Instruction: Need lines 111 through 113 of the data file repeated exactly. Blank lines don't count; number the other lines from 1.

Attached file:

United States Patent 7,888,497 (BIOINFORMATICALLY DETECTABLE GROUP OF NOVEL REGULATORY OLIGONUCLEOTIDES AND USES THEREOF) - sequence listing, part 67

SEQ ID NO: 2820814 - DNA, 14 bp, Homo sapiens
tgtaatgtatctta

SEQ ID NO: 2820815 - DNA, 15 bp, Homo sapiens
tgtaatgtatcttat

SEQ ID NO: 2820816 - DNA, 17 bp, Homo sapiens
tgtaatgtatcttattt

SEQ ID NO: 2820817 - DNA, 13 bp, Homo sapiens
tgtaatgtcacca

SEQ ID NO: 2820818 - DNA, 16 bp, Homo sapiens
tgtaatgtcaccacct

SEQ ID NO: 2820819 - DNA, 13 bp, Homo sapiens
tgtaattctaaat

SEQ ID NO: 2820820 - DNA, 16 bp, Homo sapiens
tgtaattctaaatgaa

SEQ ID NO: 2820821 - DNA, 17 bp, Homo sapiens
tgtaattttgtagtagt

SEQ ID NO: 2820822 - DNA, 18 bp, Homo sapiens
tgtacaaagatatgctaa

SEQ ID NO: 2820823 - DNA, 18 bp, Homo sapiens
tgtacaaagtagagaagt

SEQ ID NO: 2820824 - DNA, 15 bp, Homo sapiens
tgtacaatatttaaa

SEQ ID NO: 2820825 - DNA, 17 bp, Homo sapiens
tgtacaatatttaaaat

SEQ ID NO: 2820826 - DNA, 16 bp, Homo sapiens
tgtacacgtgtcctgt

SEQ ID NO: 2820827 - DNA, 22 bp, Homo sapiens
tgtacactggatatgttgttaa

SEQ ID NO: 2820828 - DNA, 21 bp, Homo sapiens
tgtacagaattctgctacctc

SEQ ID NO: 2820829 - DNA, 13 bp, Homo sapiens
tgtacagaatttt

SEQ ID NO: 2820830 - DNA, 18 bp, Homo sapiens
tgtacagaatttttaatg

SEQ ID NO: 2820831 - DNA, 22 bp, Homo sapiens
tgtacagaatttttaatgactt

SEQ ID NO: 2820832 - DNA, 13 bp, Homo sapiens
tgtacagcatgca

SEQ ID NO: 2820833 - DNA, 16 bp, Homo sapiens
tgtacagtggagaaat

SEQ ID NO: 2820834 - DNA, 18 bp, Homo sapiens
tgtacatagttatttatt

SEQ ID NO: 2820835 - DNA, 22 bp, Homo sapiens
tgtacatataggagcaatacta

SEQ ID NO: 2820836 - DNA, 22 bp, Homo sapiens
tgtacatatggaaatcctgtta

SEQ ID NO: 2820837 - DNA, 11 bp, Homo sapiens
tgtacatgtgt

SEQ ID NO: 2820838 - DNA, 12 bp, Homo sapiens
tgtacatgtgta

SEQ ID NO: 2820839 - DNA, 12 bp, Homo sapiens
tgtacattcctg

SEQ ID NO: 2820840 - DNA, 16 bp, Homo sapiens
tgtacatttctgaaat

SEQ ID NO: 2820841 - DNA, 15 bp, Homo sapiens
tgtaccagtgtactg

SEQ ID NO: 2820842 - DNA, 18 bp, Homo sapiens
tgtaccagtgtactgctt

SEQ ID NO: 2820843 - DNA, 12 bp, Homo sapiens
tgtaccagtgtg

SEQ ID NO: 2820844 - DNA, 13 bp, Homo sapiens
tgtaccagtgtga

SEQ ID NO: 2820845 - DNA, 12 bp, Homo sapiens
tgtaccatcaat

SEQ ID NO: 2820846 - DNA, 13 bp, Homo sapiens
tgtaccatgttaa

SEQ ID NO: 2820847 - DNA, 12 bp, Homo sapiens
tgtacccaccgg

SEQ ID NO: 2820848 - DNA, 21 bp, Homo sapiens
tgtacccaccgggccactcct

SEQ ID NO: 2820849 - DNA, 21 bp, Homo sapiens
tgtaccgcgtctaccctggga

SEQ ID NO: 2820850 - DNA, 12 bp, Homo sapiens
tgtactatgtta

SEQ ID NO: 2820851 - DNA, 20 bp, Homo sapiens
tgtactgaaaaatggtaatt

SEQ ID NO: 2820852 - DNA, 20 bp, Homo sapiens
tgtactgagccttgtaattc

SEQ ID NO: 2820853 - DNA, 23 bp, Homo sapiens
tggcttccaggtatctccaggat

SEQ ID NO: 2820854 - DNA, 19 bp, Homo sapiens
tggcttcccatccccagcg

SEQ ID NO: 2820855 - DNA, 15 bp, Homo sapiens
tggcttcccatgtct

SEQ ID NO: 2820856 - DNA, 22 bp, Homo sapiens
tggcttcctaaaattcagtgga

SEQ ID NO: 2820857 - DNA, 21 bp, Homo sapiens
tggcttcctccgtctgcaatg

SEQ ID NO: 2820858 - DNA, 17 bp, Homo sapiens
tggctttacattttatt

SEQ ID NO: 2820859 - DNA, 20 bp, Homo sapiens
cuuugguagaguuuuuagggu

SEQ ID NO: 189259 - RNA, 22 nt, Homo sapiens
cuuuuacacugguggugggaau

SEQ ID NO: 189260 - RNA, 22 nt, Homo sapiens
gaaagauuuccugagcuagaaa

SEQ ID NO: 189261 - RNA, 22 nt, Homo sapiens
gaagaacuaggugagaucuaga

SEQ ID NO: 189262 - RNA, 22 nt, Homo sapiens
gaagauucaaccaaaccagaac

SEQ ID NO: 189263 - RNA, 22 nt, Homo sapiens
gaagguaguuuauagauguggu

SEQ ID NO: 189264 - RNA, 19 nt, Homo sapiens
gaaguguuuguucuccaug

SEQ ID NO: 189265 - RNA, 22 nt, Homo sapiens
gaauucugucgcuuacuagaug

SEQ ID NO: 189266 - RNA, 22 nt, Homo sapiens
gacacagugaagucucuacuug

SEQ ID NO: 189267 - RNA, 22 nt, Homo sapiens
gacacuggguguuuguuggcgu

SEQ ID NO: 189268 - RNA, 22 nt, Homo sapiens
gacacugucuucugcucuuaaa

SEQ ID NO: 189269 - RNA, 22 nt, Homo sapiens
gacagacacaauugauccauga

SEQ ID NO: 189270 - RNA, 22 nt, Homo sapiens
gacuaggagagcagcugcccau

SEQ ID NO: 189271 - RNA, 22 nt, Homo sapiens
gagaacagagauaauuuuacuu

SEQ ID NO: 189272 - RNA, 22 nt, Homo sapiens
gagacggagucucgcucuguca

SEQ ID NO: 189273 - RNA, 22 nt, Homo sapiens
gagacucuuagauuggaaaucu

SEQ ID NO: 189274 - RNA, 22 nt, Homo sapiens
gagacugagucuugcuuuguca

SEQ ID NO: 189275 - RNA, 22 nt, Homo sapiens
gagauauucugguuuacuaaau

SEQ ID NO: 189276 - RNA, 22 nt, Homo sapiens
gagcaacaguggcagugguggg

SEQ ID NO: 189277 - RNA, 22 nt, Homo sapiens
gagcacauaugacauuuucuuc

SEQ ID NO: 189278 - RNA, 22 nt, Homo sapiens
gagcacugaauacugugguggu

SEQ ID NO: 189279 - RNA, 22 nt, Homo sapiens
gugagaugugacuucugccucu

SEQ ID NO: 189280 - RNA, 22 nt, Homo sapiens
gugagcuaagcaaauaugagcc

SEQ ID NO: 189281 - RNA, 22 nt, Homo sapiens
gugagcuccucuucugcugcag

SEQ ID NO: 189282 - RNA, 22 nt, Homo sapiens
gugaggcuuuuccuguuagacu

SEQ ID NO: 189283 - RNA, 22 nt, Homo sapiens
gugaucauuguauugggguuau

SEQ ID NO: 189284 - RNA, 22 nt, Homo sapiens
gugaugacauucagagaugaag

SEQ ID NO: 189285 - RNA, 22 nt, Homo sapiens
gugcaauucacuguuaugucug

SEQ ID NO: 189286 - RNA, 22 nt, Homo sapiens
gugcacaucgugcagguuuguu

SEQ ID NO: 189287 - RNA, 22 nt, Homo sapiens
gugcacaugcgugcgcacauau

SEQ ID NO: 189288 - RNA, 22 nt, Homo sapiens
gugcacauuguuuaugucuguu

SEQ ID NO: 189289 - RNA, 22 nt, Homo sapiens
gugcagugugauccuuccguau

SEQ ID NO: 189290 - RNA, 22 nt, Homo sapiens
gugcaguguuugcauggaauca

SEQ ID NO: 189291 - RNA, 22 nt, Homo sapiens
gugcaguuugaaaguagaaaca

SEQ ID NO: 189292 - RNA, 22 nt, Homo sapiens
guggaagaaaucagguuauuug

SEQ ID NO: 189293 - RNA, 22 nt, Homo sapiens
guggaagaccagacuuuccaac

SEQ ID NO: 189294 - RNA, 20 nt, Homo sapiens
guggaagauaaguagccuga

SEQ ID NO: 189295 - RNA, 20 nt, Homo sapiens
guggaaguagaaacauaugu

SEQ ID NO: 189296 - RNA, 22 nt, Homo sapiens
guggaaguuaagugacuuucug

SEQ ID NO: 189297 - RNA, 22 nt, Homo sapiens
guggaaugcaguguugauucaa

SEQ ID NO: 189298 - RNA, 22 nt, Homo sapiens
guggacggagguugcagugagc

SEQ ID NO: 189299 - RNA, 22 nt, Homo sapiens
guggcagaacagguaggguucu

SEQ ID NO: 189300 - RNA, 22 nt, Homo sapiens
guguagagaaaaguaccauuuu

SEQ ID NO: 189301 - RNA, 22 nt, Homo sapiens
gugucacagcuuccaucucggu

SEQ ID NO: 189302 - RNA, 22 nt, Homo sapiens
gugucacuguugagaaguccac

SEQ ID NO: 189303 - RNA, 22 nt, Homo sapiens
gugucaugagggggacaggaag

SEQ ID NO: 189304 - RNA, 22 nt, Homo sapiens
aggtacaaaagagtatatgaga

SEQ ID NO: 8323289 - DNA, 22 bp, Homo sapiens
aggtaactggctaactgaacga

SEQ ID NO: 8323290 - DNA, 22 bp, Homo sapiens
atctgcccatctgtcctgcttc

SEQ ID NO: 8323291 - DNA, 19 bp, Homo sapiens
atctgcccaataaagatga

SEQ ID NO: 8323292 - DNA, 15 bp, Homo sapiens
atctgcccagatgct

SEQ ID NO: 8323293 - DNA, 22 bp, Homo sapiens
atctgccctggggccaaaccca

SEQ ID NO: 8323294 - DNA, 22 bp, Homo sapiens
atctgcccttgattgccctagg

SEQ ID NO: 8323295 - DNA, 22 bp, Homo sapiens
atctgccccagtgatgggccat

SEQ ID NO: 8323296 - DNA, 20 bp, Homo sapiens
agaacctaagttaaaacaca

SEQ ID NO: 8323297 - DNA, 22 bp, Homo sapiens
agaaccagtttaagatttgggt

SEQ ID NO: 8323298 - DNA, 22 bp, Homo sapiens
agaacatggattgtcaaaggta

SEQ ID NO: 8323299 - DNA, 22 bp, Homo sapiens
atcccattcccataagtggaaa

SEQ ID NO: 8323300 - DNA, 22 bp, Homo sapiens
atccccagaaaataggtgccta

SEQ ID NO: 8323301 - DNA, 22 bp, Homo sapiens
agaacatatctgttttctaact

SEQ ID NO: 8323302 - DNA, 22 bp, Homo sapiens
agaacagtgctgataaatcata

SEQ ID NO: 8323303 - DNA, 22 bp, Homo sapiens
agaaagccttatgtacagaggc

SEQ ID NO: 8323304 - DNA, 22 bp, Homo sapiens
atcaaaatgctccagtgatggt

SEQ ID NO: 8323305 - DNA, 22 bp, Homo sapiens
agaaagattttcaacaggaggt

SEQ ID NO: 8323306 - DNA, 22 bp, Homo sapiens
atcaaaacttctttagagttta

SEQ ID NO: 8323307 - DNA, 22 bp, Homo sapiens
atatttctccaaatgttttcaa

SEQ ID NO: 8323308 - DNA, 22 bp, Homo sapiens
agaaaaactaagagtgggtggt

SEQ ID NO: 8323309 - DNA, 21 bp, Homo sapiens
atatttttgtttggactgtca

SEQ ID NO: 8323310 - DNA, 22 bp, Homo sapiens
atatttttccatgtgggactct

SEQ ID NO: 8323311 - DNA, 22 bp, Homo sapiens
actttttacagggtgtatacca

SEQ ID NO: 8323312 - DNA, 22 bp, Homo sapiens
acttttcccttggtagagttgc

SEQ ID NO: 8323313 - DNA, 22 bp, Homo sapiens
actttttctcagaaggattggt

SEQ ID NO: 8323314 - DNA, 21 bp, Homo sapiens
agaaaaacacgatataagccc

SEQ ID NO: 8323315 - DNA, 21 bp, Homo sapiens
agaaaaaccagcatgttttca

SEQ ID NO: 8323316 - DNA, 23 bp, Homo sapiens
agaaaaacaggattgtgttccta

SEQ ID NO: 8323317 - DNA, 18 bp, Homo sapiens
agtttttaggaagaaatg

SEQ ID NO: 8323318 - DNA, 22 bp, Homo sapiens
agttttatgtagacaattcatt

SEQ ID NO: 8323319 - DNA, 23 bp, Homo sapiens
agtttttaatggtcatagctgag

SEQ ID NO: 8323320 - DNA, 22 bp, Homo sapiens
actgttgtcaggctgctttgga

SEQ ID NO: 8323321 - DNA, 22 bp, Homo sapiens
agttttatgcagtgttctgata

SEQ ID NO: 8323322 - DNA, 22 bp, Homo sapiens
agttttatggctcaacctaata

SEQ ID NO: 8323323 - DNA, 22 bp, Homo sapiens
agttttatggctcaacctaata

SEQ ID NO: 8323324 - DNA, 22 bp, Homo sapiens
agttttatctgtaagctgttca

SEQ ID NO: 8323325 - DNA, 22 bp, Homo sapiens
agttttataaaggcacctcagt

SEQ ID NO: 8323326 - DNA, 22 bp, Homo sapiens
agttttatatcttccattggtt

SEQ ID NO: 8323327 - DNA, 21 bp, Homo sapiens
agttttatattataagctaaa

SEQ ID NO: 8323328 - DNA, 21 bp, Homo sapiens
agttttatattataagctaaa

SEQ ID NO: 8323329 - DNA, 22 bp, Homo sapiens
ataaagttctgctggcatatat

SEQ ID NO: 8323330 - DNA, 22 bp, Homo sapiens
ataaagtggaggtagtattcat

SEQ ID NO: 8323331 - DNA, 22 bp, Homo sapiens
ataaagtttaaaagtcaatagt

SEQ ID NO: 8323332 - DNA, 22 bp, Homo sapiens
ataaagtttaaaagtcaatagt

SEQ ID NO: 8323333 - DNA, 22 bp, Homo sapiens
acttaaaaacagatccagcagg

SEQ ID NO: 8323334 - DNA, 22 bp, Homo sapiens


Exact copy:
gacacuggguguuuguuggcgu

SEQ ID NO: 189268 - RNA, 22 nt, Homo sapiens
gacacugucuucugcucuuaaa